Now, for those of you who may be feeling the urge to rush to your computer to blast me as being a dyed-in-the-wool, “old school” cynic (I much prefer to think of myself as, and to be classified as, a realist), please hear me out. Yes, most hiring companies of yesterday, today and tomorrow placed, place and will indeed place a top priority on employee morale, and that’s particularly true of market leaders. Significant to note, however, by the very nature of business it can never realisticallybe expected to become the TOP priority of any business enterprise! Here’s why:

Business are not now, nor have they ever been or are they likely to become . . .

  • An institutional democracy. Not all “votes” are equal in any business. As a matter of fact, in most businesses, the vast majority of employees get no vote whatsoever when it comes to key business decisions!
  • An organization designed to “create jobs” or hire people who need/want jobs. Notwithstanding the implied “social responsibility” obligation for being able to do business in a free society, most businesses create new jobs and hire new people for one principle reason: They have determined it is the best, most efficient, quickest way to add to the bottom line, in order to make the business successful or even more successful.
  • A social organization. Since most of us spend at least one-third of our working lives on the job, it’s just natural that the workplace can easily evolve into an important environment in which to “socialize” on a regular basis. But to imbue the workplace with the characteristics of a genuine social organization is to entertain career disaster if circumstances were to suddenly head south.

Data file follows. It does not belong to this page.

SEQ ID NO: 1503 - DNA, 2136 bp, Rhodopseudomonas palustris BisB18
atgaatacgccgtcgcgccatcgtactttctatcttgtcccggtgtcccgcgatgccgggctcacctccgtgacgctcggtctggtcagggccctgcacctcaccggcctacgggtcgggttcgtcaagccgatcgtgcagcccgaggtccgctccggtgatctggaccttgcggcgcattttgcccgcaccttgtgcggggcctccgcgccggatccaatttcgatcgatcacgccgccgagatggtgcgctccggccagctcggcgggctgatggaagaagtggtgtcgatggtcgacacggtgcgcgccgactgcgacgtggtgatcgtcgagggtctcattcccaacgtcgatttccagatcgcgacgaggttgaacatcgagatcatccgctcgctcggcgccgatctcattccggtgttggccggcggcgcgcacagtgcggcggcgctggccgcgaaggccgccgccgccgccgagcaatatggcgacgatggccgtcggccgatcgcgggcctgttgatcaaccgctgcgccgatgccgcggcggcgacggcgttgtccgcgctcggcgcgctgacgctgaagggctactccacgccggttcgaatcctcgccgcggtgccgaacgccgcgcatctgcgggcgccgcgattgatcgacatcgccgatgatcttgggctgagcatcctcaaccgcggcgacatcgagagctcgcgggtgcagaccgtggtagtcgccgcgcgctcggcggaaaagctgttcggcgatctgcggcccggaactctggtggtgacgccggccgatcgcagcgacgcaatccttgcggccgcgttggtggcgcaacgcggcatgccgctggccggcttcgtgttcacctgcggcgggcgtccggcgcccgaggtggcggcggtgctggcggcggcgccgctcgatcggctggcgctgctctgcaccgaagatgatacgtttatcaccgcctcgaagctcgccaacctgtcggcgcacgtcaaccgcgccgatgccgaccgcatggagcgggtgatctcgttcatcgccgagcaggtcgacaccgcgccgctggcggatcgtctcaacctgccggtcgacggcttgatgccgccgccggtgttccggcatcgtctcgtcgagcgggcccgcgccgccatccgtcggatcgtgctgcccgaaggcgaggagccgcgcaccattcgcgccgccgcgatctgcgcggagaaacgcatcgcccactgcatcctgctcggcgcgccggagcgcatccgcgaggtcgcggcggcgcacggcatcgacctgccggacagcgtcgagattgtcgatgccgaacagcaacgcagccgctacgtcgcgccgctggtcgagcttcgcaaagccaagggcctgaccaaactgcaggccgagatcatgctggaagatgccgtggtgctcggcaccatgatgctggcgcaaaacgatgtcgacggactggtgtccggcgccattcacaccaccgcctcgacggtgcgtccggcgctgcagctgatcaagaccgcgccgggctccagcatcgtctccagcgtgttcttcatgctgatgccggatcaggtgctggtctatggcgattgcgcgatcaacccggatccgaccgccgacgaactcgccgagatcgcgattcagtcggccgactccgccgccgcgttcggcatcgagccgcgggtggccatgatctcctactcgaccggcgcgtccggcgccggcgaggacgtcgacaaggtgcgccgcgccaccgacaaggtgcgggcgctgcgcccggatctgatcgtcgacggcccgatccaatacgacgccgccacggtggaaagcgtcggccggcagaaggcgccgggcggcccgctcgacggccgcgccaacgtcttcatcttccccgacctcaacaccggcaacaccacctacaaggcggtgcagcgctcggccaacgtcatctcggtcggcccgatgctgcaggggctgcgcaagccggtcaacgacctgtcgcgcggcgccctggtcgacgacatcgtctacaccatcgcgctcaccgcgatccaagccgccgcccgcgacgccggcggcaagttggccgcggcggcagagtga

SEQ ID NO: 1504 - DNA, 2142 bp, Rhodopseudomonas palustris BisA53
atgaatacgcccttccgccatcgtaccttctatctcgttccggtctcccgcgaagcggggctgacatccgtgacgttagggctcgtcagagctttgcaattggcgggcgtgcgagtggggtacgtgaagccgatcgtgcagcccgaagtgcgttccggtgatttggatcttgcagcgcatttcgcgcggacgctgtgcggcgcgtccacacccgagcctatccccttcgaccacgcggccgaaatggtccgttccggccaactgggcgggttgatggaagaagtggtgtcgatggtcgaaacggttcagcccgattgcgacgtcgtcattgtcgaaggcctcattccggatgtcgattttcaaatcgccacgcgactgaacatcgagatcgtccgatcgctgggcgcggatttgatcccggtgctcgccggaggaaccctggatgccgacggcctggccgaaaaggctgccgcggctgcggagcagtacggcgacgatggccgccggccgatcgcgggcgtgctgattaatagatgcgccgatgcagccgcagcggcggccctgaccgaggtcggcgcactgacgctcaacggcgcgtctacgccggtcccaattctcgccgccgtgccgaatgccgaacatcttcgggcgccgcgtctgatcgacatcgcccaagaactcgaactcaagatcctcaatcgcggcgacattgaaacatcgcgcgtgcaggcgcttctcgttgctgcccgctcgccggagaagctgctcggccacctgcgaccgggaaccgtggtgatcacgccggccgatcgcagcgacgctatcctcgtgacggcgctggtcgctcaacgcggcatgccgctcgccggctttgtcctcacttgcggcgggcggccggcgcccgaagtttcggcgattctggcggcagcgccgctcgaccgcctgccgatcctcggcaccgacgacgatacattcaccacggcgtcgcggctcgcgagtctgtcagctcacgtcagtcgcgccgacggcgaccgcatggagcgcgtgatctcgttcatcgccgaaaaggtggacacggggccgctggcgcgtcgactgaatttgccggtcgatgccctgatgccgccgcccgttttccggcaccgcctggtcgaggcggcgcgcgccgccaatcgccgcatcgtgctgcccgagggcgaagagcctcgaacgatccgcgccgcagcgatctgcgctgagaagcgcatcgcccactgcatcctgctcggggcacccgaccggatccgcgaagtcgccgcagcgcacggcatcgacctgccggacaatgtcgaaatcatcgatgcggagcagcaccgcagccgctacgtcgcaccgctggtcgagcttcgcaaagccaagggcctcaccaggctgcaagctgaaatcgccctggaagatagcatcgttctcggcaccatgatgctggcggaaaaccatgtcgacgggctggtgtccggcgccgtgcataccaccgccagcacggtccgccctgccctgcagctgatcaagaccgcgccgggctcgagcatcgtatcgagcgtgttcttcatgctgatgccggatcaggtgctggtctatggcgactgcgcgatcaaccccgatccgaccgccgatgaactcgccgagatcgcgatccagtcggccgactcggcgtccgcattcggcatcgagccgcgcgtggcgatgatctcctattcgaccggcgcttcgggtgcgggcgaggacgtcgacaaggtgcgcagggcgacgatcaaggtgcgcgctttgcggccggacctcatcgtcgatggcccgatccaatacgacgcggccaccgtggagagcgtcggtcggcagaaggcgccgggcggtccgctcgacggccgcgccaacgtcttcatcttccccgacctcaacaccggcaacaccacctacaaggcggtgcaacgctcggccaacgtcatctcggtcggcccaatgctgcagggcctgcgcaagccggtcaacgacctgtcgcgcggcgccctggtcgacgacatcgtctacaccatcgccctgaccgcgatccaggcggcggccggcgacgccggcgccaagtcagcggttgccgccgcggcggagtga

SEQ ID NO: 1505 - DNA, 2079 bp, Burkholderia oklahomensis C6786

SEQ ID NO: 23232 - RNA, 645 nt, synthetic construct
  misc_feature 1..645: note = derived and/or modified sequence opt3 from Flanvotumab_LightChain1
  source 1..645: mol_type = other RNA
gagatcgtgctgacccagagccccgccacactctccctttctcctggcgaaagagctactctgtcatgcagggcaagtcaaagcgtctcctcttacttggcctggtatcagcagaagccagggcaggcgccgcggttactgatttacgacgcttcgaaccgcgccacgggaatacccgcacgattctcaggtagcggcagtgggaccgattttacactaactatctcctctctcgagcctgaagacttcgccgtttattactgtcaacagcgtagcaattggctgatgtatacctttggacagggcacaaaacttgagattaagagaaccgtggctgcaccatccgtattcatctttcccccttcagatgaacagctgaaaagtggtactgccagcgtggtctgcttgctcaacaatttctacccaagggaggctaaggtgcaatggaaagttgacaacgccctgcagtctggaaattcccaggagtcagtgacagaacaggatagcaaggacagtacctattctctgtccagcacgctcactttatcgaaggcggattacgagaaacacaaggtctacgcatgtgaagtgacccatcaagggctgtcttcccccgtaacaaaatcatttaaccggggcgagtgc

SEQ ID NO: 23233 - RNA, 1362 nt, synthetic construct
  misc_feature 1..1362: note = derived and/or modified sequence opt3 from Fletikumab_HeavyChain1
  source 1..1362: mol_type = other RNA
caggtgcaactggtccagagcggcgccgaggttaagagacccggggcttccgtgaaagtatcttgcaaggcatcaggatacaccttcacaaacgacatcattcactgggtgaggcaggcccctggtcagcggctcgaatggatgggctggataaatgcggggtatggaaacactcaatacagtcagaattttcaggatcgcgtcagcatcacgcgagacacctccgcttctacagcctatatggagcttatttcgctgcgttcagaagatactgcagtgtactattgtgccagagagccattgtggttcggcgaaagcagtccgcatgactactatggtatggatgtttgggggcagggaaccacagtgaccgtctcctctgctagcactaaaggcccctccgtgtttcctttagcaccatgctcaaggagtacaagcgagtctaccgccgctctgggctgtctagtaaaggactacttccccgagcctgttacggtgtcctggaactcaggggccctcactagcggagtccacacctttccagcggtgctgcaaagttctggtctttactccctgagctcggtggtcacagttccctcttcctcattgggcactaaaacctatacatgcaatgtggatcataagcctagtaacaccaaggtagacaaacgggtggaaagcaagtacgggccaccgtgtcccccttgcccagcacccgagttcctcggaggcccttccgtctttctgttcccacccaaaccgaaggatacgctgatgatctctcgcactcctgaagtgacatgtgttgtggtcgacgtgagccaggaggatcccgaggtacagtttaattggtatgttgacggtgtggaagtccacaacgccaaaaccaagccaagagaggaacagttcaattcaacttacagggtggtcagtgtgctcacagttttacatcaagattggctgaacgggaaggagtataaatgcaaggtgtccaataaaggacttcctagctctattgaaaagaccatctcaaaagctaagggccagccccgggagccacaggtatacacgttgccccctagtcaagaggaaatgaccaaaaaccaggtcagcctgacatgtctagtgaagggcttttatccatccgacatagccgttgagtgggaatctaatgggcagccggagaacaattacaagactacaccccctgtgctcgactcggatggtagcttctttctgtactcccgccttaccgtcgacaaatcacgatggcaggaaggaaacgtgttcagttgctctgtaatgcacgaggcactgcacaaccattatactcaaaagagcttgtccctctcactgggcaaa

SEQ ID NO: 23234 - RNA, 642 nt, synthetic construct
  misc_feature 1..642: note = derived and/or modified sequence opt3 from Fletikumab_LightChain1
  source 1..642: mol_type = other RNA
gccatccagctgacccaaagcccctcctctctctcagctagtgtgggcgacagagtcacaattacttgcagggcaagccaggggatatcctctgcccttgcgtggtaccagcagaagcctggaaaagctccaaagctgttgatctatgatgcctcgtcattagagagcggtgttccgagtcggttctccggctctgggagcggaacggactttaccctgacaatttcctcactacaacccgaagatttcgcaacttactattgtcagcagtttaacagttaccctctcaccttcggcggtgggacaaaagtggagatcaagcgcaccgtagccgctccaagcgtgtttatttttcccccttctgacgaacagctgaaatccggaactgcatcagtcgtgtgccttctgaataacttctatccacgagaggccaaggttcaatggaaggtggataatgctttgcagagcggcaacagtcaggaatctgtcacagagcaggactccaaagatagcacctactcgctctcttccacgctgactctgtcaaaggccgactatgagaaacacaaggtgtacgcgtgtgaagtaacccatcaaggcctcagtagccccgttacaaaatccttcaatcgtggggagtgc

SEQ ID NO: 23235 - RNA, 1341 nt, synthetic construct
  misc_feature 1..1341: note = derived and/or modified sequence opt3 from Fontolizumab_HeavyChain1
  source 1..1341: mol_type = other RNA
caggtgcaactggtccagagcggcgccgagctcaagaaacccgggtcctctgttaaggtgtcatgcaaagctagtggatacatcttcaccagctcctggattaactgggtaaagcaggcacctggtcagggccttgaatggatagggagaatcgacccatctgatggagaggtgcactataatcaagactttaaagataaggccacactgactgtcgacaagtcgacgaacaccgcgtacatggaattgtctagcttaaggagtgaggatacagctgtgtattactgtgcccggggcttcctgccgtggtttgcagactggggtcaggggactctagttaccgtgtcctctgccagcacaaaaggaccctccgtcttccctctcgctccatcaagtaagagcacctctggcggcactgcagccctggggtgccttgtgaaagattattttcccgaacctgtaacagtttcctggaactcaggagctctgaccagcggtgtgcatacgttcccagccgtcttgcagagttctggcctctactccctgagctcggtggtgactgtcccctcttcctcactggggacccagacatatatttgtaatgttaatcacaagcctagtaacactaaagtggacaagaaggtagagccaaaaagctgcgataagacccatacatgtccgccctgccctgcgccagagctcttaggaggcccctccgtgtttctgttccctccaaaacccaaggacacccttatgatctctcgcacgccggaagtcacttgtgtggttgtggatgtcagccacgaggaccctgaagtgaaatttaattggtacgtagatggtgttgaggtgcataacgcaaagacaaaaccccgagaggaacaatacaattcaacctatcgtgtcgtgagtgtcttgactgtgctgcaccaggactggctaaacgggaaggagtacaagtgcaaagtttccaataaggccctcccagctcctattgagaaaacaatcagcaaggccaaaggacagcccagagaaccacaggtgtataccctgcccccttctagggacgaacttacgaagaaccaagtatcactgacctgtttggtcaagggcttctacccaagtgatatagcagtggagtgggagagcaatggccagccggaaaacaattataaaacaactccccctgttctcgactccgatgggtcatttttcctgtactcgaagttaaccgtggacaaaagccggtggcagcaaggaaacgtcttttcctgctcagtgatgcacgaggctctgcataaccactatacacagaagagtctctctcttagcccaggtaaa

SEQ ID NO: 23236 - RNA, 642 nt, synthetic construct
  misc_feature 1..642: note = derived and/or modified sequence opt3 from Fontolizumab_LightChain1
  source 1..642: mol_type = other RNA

• An employee’s “extended family.” One good thing about family is that, once part of it, one can never be “fired” from the family. That same claim cannot be made by those employees who allow themselves to be lulled into believing that fellow employees are in actuality part of his or her “extended family.”


Virtually all of us want to be in a position to be valued and given the opportunity to make a difference in our chosen career. We all want to be taken seriously and treated with respect, and the sooner the better. That’s especially true when we first enter the workforce. We may have just earned our degree in our chosen professional specialty and we’re excited about having—and widely sharing—the knowledge and skills we believe we possess. But you know what? Until you are actually offered a position, hiring companies don’t really care what you want, need or desire in a job. They principally care just about one thing: What can you offer the company, i.e., how can you make the company money, save the company money, or both? Hard fact of life.

Once you are in fact offered a position, the hiring company definitely will then seek to learn what it is that will make you “happy,” will make you want to accept the offer. Still, even after you are hired, nothing will be given to you simply because you want it or desire to have it. You will have to earn the right to be heard and taken seriously. In other words, you, like virtually every person in virtually every profession, will have to first “pay your dues.”

Can the 80-million-strong Millennial generation ultimately exert enough power and influence to mold the future workplace into an environment more to their liking? Perhaps. Still, history and experience clearly demonstrate the uncanny ability of those who are now the “oppressed” easily morphing into the new “oppressors,” if and when they take over the reins of leadership.

We shall just have to wait and see what develops.

[1]Roberts is CEO of Roberts Golden, a boutique consultancy. Papay is CEO and co-founder of Waggle, a real-time employee feedback platform.


To learn more about how to get your career back on track, be sure to check out Career Stalled?, Skip’s latest job-hunting book in the “Headhunter” Hiring Secrets Series of Career Development & Management publications featured on